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As states take the lead in confronting climate change, their flagship policy is a program that requires that a certain percentage of the state's electricity come from renewable sources.
But a new working paper co-authored by University of Chicago scholars found that these popular programs—enacted in 29 states and the District of Columbia—are inefficient in reducing carbon emissions and come at a high cost to consumers. They found these Renewable Portfolio Standards increased prices by as much as 17 percent, making the policy's cost of reducing carbon emissions more expensive than current estimates of the benefits.
Urgency - Climate - Challenge - Case - Reductions
"The increasing urgency of climate challenge means that the case for ruthlessly seeking out the least expensive reductions in carbon emissions is rapidly strengthening," said study co-author Michael Greenstone, the Milton Friedman Distinguished Service Professor in Economics and director of the Energy Policy Institute at the University of Chicago. "This study joins a growing body of evidence that demonstrates that when climate policies favor particular technologies or target something other than the real enemy—carbon emissions—the result is less effective and more expensive than is necessary. In contrast, the global experiences from carbon markets and taxes make clear that much less expensive ways to reduce CO2 are available right now."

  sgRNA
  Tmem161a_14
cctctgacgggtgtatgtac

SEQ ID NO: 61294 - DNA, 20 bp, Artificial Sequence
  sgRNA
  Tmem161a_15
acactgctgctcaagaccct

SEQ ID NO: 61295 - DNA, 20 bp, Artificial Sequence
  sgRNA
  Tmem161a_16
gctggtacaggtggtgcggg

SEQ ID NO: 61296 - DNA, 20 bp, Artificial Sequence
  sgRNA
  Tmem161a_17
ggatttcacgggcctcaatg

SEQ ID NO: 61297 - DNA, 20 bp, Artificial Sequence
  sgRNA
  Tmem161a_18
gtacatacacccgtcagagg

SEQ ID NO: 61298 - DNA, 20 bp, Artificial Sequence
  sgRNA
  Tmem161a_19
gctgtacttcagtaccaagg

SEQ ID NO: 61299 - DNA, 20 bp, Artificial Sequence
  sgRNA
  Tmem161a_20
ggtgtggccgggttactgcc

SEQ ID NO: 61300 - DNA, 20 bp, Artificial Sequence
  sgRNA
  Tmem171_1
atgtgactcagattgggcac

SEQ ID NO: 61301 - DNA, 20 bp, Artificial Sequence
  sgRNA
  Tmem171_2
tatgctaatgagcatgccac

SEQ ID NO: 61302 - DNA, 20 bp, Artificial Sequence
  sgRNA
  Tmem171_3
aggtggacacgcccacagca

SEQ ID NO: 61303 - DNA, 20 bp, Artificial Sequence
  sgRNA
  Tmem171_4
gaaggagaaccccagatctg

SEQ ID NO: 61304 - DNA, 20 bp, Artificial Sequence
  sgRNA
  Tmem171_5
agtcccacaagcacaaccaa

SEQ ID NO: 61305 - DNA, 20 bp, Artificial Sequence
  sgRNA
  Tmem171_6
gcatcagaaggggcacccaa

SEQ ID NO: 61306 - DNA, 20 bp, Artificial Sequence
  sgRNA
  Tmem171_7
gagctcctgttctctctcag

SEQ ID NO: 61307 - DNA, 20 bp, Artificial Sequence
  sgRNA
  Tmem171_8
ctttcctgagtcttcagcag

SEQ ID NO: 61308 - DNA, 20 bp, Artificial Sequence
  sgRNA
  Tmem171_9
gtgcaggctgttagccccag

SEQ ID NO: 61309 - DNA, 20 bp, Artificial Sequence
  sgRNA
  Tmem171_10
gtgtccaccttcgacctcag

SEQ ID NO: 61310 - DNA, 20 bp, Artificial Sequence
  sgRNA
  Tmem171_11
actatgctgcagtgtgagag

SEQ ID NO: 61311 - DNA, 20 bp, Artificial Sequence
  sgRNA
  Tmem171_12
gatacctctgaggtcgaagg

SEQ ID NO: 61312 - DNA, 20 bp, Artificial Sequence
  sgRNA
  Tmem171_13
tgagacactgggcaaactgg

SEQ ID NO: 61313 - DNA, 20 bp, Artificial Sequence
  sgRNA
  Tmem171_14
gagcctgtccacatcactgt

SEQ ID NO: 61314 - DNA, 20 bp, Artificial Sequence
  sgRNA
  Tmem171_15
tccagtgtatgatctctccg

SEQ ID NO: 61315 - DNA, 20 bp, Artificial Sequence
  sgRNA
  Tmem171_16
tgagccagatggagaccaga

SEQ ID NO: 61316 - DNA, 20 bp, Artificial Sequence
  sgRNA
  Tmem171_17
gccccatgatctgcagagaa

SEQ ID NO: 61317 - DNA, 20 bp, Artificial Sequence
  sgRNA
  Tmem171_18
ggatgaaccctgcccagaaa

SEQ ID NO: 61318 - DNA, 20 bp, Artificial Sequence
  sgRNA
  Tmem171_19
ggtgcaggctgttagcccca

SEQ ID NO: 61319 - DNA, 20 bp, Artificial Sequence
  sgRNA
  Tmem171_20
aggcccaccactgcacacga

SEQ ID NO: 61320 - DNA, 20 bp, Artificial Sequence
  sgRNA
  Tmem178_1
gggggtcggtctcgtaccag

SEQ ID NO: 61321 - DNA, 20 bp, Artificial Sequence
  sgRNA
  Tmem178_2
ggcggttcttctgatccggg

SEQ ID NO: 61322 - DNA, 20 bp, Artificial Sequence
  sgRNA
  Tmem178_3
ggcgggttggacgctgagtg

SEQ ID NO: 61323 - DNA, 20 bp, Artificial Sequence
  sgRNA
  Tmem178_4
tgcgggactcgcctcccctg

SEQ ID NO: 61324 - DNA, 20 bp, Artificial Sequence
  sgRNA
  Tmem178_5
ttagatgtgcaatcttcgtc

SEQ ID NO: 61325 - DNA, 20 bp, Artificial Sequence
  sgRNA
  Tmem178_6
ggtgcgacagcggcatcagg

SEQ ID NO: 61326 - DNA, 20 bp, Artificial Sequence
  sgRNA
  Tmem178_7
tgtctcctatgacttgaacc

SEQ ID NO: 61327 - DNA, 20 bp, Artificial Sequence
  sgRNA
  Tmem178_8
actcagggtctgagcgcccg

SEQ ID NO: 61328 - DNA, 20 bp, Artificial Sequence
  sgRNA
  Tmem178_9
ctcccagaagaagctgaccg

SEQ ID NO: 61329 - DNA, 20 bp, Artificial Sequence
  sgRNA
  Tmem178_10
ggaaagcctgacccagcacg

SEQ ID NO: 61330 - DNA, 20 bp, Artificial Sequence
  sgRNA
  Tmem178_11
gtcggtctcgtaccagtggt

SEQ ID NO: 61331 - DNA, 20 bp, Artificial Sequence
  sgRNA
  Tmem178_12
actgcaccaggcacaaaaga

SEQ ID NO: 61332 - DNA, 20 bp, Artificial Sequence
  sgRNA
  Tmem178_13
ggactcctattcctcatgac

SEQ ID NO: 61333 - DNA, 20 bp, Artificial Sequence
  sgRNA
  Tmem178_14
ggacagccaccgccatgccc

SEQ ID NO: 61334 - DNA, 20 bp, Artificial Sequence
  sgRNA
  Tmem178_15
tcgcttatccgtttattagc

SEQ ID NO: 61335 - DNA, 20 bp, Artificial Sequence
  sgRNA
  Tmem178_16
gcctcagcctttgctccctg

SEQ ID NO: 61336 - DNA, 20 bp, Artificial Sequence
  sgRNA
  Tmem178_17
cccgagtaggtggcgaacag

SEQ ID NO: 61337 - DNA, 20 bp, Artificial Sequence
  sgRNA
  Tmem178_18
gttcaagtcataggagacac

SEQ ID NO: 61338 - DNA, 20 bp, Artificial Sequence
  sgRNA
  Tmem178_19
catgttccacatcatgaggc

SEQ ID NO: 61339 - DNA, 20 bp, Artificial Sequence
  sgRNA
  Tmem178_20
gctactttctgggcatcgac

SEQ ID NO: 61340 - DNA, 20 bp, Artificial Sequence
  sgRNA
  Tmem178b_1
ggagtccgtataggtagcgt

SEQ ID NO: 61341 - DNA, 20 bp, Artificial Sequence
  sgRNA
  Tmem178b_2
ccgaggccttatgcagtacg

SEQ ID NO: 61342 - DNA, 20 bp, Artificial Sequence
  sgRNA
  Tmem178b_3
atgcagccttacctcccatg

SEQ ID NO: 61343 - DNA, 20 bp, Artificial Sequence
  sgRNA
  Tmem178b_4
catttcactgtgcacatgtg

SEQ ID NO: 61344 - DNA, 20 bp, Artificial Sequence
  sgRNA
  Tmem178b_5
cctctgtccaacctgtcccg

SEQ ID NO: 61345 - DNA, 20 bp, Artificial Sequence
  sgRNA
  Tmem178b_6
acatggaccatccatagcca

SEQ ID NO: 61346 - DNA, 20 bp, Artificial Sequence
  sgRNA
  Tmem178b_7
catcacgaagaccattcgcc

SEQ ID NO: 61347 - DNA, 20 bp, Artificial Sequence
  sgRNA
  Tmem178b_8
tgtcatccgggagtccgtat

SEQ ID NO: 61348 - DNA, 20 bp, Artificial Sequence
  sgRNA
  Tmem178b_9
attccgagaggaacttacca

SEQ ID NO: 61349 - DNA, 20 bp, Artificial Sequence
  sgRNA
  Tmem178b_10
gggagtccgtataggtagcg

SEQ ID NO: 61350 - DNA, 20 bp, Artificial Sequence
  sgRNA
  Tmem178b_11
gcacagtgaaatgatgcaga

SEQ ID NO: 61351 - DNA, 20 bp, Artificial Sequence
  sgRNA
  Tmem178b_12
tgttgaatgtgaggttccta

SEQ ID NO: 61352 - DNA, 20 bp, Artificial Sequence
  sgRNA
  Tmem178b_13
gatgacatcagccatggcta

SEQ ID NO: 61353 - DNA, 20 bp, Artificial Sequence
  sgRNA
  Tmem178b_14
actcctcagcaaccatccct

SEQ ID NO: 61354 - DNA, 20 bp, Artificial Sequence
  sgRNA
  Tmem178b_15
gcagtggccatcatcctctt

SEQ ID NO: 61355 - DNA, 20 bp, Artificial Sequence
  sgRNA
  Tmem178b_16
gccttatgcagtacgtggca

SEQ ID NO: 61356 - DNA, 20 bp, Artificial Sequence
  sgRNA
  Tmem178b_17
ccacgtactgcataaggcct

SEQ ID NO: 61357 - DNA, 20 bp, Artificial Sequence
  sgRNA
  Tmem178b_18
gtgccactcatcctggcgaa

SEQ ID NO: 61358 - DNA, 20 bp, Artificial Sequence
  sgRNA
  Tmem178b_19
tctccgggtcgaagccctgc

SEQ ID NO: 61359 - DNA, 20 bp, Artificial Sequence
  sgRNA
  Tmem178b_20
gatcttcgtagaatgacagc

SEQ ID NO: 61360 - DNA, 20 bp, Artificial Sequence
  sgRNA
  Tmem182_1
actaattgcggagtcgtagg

Greenstone and co-authors Richard McDowell of the Massachusetts Institute of Technology and Ishan Nath from the University of Chicago compared states with and without RPS policies, using the most comprehensive dataset compiled to date. They found that RPS programs, which currently cover 64 percent of the electricity sold in the United States, significantly increased retail electricity prices—with prices rising by 11 percent seven years after the policy became law and 17 percent 12 years afterward.
Effect - Years - Passage - Legislation - RPS
The cumulative effect seven years after the passage of the legislation initiating an RPS, consumers in the 29 states studied...
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